You remember Sir Nigel. He's head of the Open Data Institute. And midata. He's the one who thinks that the economy will grow if we give all our public and personal data to innovative app-designers. Him and Stephan Shakespeare. Although neither of them can usually think what these apps might do to be useful and profitable.

And you remember the internet of things.That's when you connect every device in the world to the internet and then monitor them.

Worked a treat for the US Chamber of Commerce. They thought they were controlling the central heating in one of their flats remotely. In fact, the thermostat was busy sending stolen data to the Chinese: "months later, the chamber discovered that Internet-connected devices — a thermostat in one of its corporate apartments and a printer in its offices — were still communicating with computers in China".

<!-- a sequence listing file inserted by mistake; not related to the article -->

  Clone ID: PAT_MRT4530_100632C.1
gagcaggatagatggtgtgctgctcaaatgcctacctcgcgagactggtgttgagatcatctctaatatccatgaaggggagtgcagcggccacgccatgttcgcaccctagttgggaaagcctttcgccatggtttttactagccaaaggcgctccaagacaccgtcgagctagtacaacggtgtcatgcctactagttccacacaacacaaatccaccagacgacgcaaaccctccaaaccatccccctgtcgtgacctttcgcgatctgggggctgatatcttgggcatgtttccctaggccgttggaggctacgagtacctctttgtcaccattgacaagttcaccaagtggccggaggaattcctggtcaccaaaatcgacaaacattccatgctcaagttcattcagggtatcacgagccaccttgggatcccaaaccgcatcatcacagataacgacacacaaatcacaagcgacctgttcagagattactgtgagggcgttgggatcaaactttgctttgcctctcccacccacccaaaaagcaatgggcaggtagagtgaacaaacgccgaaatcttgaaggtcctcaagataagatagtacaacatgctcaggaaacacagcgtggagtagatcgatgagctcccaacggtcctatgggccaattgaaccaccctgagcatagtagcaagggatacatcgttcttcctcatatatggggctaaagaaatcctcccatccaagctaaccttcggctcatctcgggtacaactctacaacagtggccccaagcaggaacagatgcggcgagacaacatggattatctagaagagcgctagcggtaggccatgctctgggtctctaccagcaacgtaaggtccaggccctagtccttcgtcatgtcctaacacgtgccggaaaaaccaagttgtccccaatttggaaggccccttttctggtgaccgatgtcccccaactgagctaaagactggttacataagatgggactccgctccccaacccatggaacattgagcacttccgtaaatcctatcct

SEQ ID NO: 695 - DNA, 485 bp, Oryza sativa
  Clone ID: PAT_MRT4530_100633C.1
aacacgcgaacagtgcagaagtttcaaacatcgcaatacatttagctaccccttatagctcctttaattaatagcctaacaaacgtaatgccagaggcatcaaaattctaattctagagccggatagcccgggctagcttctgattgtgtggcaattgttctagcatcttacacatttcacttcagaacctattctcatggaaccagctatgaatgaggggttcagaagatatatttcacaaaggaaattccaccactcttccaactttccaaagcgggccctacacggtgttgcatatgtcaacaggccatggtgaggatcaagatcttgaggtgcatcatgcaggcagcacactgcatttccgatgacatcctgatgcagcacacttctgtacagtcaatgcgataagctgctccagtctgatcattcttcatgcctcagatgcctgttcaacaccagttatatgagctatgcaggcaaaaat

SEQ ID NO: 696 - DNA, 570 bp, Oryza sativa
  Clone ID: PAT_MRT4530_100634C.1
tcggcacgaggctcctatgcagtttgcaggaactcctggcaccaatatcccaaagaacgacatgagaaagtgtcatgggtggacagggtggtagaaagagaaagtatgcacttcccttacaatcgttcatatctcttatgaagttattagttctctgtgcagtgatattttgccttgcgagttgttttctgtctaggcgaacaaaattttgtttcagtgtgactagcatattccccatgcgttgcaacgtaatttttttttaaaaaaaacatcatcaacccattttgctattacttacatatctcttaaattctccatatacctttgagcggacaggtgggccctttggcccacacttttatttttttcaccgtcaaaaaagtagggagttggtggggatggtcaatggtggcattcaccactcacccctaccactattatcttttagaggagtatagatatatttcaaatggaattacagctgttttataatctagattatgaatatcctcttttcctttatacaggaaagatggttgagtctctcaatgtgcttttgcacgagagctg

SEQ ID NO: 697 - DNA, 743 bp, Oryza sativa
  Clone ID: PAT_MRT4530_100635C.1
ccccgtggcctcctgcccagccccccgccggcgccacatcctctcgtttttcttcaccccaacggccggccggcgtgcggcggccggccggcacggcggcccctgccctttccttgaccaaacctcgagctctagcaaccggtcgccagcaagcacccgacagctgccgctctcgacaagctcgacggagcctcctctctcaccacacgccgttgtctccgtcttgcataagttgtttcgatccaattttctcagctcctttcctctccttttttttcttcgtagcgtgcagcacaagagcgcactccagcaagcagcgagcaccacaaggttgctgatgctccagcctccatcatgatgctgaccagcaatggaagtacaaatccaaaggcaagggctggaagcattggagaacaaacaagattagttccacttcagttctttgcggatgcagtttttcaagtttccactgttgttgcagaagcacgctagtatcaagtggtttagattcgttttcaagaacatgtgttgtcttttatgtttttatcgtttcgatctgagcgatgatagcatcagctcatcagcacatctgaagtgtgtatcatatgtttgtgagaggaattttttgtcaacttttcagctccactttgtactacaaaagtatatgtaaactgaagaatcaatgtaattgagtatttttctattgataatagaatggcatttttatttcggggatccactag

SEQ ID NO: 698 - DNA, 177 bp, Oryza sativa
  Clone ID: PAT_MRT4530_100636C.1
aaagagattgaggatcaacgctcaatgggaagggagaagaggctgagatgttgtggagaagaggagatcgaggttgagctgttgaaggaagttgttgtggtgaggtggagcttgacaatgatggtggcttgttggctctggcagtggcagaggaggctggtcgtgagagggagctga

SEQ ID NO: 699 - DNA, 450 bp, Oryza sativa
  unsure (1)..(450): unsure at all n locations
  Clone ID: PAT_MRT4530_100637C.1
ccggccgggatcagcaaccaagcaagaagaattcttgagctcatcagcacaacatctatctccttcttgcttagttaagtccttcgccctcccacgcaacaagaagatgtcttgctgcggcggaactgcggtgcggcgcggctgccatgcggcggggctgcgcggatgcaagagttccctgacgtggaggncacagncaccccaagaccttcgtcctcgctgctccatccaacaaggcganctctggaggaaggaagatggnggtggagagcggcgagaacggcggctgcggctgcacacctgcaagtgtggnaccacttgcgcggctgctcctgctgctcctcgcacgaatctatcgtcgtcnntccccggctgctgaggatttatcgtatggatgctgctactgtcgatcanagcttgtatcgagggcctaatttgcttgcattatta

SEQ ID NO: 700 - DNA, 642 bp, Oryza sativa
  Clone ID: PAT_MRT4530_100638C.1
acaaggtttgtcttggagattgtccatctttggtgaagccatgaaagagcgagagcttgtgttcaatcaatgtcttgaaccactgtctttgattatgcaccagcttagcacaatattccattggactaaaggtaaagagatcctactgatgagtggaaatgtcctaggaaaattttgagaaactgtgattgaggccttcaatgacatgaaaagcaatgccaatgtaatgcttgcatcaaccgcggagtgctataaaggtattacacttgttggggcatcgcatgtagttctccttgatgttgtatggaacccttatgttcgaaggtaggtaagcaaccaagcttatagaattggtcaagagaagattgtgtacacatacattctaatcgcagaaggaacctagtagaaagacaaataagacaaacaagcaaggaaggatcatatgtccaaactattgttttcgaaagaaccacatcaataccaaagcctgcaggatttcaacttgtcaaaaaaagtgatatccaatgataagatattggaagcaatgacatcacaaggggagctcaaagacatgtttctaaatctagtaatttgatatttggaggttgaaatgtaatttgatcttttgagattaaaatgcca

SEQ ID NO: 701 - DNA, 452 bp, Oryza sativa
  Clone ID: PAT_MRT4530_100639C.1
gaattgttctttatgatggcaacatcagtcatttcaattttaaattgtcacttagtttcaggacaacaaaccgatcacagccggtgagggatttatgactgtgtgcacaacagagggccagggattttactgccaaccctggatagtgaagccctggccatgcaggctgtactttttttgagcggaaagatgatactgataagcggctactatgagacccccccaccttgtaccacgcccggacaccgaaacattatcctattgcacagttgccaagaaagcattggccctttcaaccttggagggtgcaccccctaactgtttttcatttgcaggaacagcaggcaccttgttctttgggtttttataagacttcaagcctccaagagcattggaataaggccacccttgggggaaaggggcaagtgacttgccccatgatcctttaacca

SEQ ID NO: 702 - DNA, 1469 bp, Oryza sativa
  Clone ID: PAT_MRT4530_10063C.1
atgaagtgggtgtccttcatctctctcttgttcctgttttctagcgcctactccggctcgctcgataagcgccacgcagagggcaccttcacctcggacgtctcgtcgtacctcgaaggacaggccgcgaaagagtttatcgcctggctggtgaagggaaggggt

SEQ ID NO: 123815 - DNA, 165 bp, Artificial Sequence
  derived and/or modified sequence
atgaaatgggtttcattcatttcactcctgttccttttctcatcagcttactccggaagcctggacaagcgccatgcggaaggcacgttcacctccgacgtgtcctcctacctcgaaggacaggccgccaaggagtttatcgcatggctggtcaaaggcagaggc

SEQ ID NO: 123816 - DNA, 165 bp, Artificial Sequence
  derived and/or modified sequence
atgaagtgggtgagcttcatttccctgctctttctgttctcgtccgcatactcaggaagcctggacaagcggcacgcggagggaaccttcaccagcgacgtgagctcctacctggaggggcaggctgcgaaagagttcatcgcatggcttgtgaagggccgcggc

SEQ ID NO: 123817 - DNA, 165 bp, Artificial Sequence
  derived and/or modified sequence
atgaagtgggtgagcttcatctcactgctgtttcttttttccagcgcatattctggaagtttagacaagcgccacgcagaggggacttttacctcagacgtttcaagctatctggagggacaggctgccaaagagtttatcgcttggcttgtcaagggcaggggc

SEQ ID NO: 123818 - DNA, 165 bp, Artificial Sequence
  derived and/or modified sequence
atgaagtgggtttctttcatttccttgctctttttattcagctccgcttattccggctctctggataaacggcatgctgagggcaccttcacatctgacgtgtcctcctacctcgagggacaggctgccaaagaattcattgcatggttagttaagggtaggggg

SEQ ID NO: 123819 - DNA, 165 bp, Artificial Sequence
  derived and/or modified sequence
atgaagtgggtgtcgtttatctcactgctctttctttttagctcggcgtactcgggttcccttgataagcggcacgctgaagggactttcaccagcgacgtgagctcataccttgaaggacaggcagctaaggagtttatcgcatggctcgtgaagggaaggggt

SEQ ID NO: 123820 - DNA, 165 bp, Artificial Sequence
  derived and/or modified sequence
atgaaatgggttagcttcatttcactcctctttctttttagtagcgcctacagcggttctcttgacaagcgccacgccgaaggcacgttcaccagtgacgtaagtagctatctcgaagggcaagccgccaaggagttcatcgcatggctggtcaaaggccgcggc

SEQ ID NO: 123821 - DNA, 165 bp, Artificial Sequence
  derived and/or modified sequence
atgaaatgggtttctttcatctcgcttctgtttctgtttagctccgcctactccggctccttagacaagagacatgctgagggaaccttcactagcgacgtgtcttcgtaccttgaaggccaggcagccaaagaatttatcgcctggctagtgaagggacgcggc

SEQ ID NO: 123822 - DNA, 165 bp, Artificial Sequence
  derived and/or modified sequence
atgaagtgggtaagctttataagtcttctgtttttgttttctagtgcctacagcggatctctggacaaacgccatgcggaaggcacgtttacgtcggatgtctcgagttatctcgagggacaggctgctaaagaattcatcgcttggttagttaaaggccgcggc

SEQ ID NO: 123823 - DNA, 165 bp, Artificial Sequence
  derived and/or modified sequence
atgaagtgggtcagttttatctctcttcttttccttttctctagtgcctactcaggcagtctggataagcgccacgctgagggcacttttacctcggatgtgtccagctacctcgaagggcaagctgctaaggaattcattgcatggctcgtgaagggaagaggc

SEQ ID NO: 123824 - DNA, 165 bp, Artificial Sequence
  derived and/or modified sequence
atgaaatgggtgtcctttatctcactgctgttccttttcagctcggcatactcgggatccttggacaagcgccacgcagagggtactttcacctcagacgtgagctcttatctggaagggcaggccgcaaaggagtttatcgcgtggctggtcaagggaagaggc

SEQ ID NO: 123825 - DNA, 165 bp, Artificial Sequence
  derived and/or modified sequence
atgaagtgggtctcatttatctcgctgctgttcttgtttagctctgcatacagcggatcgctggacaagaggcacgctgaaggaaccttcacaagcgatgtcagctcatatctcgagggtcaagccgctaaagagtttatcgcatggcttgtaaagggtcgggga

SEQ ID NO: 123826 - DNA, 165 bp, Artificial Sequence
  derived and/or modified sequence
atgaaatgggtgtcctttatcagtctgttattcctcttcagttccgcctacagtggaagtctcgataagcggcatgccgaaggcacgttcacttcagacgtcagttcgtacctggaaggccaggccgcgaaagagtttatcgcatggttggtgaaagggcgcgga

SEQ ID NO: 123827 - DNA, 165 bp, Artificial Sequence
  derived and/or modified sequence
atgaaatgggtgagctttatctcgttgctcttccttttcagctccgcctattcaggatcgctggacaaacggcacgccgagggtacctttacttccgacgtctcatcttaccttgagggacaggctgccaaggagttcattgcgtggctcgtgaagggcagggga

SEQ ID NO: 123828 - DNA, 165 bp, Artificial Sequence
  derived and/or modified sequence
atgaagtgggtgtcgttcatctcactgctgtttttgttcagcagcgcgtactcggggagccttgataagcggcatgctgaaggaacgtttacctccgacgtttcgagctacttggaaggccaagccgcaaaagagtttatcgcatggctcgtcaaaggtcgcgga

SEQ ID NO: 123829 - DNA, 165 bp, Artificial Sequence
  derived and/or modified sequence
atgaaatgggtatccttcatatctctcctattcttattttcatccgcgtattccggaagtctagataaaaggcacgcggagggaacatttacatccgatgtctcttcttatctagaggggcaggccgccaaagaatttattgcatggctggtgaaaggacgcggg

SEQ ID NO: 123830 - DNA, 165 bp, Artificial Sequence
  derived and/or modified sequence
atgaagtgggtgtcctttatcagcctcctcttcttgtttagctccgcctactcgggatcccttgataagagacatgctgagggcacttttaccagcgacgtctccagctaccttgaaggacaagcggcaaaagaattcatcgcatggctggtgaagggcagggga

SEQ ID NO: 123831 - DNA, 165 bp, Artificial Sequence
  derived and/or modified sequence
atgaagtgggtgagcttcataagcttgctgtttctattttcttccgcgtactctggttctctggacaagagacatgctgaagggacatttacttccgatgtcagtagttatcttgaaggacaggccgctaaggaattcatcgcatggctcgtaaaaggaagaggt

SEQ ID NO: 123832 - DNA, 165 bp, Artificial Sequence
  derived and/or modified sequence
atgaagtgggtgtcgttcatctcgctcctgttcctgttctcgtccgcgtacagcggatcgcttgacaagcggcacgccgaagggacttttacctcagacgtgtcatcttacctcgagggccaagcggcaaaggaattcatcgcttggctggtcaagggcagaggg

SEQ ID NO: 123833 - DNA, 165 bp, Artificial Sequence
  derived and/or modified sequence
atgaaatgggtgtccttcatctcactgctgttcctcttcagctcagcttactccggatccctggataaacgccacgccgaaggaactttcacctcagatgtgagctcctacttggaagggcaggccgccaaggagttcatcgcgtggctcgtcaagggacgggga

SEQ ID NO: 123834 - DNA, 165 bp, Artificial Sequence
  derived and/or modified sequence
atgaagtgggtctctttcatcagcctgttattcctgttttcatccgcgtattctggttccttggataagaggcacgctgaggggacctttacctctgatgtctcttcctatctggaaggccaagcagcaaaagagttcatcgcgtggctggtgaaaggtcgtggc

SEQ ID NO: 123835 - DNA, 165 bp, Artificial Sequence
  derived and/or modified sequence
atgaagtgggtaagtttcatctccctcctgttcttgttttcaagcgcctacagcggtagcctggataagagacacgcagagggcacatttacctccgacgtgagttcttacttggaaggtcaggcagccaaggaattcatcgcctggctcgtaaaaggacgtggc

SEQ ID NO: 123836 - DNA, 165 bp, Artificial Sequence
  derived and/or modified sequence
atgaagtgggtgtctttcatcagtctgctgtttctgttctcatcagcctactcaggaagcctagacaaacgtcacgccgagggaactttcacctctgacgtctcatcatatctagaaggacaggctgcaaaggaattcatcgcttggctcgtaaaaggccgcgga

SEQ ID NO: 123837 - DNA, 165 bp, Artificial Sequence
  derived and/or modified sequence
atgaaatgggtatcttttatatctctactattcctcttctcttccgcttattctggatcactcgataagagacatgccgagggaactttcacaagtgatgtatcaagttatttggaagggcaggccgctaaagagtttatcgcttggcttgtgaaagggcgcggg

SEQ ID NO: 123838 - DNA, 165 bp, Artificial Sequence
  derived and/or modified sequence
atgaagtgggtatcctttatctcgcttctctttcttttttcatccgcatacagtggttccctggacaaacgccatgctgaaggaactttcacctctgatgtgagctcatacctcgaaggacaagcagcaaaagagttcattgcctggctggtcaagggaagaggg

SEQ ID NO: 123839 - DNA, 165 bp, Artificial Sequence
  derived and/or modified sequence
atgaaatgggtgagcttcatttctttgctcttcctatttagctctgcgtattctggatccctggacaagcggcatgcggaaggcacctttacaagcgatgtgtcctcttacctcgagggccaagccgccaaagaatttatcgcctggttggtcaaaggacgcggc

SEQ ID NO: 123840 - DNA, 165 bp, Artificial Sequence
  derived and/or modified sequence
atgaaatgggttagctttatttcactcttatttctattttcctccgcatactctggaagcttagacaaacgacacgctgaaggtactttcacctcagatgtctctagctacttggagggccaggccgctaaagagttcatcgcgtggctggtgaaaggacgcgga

Biometrics – Hollywood v. Kingston upon Thames

Exclusive: sometimes there is a difference between fiction and reality.

Steve Hewlett is presenting a report at the moment on BBC Radio 4, Privacy Under Pressure. Three episodes, Episode 2 was on Monday 22 July 2013, last episode next Monday, don't miss it, 9 a.m.

Everyone remembers Minority Report, the Tom Cruise film where people are identified by the patterns of their irises. As they walk around the shopping mall, personally tailored advertisements invite them to enjoy special offers in the shop they're just passing.

Politicians may believe that this technology already works and is available today. It isn't. Senior civil servants and journalists may believe it but they're wrong, too.

Thursday, 25 July 2013